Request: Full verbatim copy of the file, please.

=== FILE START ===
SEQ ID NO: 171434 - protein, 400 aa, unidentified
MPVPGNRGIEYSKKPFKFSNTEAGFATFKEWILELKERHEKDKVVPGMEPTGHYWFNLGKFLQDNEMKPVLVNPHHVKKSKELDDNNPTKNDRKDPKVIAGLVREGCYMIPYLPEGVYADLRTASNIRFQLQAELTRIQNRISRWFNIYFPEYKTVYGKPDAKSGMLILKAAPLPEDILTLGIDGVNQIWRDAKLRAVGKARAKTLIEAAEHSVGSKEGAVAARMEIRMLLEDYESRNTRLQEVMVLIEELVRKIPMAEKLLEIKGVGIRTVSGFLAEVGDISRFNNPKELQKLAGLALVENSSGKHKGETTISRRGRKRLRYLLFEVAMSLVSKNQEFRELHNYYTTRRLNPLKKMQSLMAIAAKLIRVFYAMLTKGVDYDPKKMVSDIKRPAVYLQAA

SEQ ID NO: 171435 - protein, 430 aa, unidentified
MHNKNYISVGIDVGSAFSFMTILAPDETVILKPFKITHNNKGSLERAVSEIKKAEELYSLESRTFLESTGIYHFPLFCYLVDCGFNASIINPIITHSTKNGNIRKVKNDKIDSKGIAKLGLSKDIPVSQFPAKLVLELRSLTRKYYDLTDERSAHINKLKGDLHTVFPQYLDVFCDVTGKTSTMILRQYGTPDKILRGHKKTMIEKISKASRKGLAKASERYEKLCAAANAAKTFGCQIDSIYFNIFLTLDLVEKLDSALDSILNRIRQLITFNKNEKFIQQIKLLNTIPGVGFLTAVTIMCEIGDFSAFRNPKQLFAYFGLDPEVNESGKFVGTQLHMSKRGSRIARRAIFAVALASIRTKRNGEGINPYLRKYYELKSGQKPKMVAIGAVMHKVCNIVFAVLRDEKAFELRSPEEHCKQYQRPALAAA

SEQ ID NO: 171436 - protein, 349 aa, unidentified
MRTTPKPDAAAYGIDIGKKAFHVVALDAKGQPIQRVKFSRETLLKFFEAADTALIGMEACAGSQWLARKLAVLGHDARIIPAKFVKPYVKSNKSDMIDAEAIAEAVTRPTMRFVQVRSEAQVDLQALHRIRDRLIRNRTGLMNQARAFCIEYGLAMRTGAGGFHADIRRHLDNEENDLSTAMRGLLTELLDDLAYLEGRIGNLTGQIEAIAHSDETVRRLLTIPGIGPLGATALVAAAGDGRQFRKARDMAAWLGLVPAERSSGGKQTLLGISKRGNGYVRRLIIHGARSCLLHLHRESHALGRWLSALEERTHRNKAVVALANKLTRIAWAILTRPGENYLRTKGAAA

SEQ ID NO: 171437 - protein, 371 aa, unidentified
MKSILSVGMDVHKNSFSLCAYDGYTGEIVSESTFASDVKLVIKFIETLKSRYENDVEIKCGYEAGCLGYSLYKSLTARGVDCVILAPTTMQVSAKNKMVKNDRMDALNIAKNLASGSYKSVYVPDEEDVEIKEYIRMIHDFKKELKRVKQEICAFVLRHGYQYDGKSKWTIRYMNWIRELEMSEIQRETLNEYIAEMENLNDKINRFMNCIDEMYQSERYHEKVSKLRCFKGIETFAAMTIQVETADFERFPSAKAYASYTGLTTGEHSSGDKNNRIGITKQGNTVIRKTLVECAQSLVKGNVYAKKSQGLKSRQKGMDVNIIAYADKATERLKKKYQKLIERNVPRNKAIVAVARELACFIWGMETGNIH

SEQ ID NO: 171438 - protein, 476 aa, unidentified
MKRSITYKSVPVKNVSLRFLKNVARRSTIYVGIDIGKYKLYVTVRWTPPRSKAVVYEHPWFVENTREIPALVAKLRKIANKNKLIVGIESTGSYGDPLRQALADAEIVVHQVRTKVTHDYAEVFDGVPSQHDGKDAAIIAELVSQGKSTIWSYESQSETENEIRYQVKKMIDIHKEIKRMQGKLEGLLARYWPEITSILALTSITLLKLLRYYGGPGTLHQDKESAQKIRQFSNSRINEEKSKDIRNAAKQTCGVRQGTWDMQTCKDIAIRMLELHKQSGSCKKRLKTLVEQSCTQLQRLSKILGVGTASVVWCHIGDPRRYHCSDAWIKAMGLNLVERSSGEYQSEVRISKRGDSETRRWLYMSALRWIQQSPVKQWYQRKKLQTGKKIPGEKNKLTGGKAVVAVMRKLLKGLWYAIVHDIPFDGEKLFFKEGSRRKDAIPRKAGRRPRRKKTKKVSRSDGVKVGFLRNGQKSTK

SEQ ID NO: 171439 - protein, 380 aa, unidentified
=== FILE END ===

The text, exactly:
SEQ ID NO: 171434 - protein, 400 aa, unidentified
MPVPGNRGIEYSKKPFKFSNTEAGFATFKEWILELKERHEKDKVVPGMEPTGHYWFNLGKFLQDNEMKPVLVNPHHVKKSKELDDNNPTKNDRKDPKVIAGLVREGCYMIPYLPEGVYADLRTASNIRFQLQAELTRIQNRISRWFNIYFPEYKTVYGKPDAKSGMLILKAAPLPEDILTLGIDGVNQIWRDAKLRAVGKARAKTLIEAAEHSVGSKEGAVAARMEIRMLLEDYESRNTRLQEVMVLIEELVRKIPMAEKLLEIKGVGIRTVSGFLAEVGDISRFNNPKELQKLAGLALVENSSGKHKGETTISRRGRKRLRYLLFEVAMSLVSKNQEFRELHNYYTTRRLNPLKKMQSLMAIAAKLIRVFYAMLTKGVDYDPKKMVSDIKRPAVYLQAA

SEQ ID NO: 171435 - protein, 430 aa, unidentified
MHNKNYISVGIDVGSAFSFMTILAPDETVILKPFKITHNNKGSLERAVSEIKKAEELYSLESRTFLESTGIYHFPLFCYLVDCGFNASIINPIITHSTKNGNIRKVKNDKIDSKGIAKLGLSKDIPVSQFPAKLVLELRSLTRKYYDLTDERSAHINKLKGDLHTVFPQYLDVFCDVTGKTSTMILRQYGTPDKILRGHKKTMIEKISKASRKGLAKASERYEKLCAAANAAKTFGCQIDSIYFNIFLTLDLVEKLDSALDSILNRIRQLITFNKNEKFIQQIKLLNTIPGVGFLTAVTIMCEIGDFSAFRNPKQLFAYFGLDPEVNESGKFVGTQLHMSKRGSRIARRAIFAVALASIRTKRNGEGINPYLRKYYELKSGQKPKMVAIGAVMHKVCNIVFAVLRDEKAFELRSPEEHCKQYQRPALAAA

SEQ ID NO: 171436 - protein, 349 aa, unidentified
MRTTPKPDAAAYGIDIGKKAFHVVALDAKGQPIQRVKFSRETLLKFFEAADTALIGMEACAGSQWLARKLAVLGHDARIIPAKFVKPYVKSNKSDMIDAEAIAEAVTRPTMRFVQVRSEAQVDLQALHRIRDRLIRNRTGLMNQARAFCIEYGLAMRTGAGGFHADIRRHLDNEENDLSTAMRGLLTELLDDLAYLEGRIGNLTGQIEAIAHSDETVRRLLTIPGIGPLGATALVAAAGDGRQFRKARDMAAWLGLVPAERSSGGKQTLLGISKRGNGYVRRLIIHGARSCLLHLHRESHALGRWLSALEERTHRNKAVVALANKLTRIAWAILTRPGENYLRTKGAAA

SEQ ID NO: 171437 - protein, 371 aa, unidentified
MKSILSVGMDVHKNSFSLCAYDGYTGEIVSESTFASDVKLVIKFIETLKSRYENDVEIKCGYEAGCLGYSLYKSLTARGVDCVILAPTTMQVSAKNKMVKNDRMDALNIAKNLASGSYKSVYVPDEEDVEIKEYIRMIHDFKKELKRVKQEICAFVLRHGYQYDGKSKWTIRYMNWIRELEMSEIQRETLNEYIAEMENLNDKINRFMNCIDEMYQSERYHEKVSKLRCFKGIETFAAMTIQVETADFERFPSAKAYASYTGLTTGEHSSGDKNNRIGITKQGNTVIRKTLVECAQSLVKGNVYAKKSQGLKSRQKGMDVNIIAYADKATERLKKKYQKLIERNVPRNKAIVAVARELACFIWGMETGNIH

SEQ ID NO: 171438 - protein, 476 aa, unidentified
MKRSITYKSVPVKNVSLRFLKNVARRSTIYVGIDIGKYKLYVTVRWTPPRSKAVVYEHPWFVENTREIPALVAKLRKIANKNKLIVGIESTGSYGDPLRQALADAEIVVHQVRTKVTHDYAEVFDGVPSQHDGKDAAIIAELVSQGKSTIWSYESQSETENEIRYQVKKMIDIHKEIKRMQGKLEGLLARYWPEITSILALTSITLLKLLRYYGGPGTLHQDKESAQKIRQFSNSRINEEKSKDIRNAAKQTCGVRQGTWDMQTCKDIAIRMLELHKQSGSCKKRLKTLVEQSCTQLQRLSKILGVGTASVVWCHIGDPRRYHCSDAWIKAMGLNLVERSSGEYQSEVRISKRGDSETRRWLYMSALRWIQQSPVKQWYQRKKLQTGKKIPGEKNKLTGGKAVVAVMRKLLKGLWYAIVHDIPFDGEKLFFKEGSRRKDAIPRKAGRRPRRKKTKKVSRSDGVKVGFLRNGQKSTK

SEQ ID NO: 171439 - protein, 380 aa, unidentified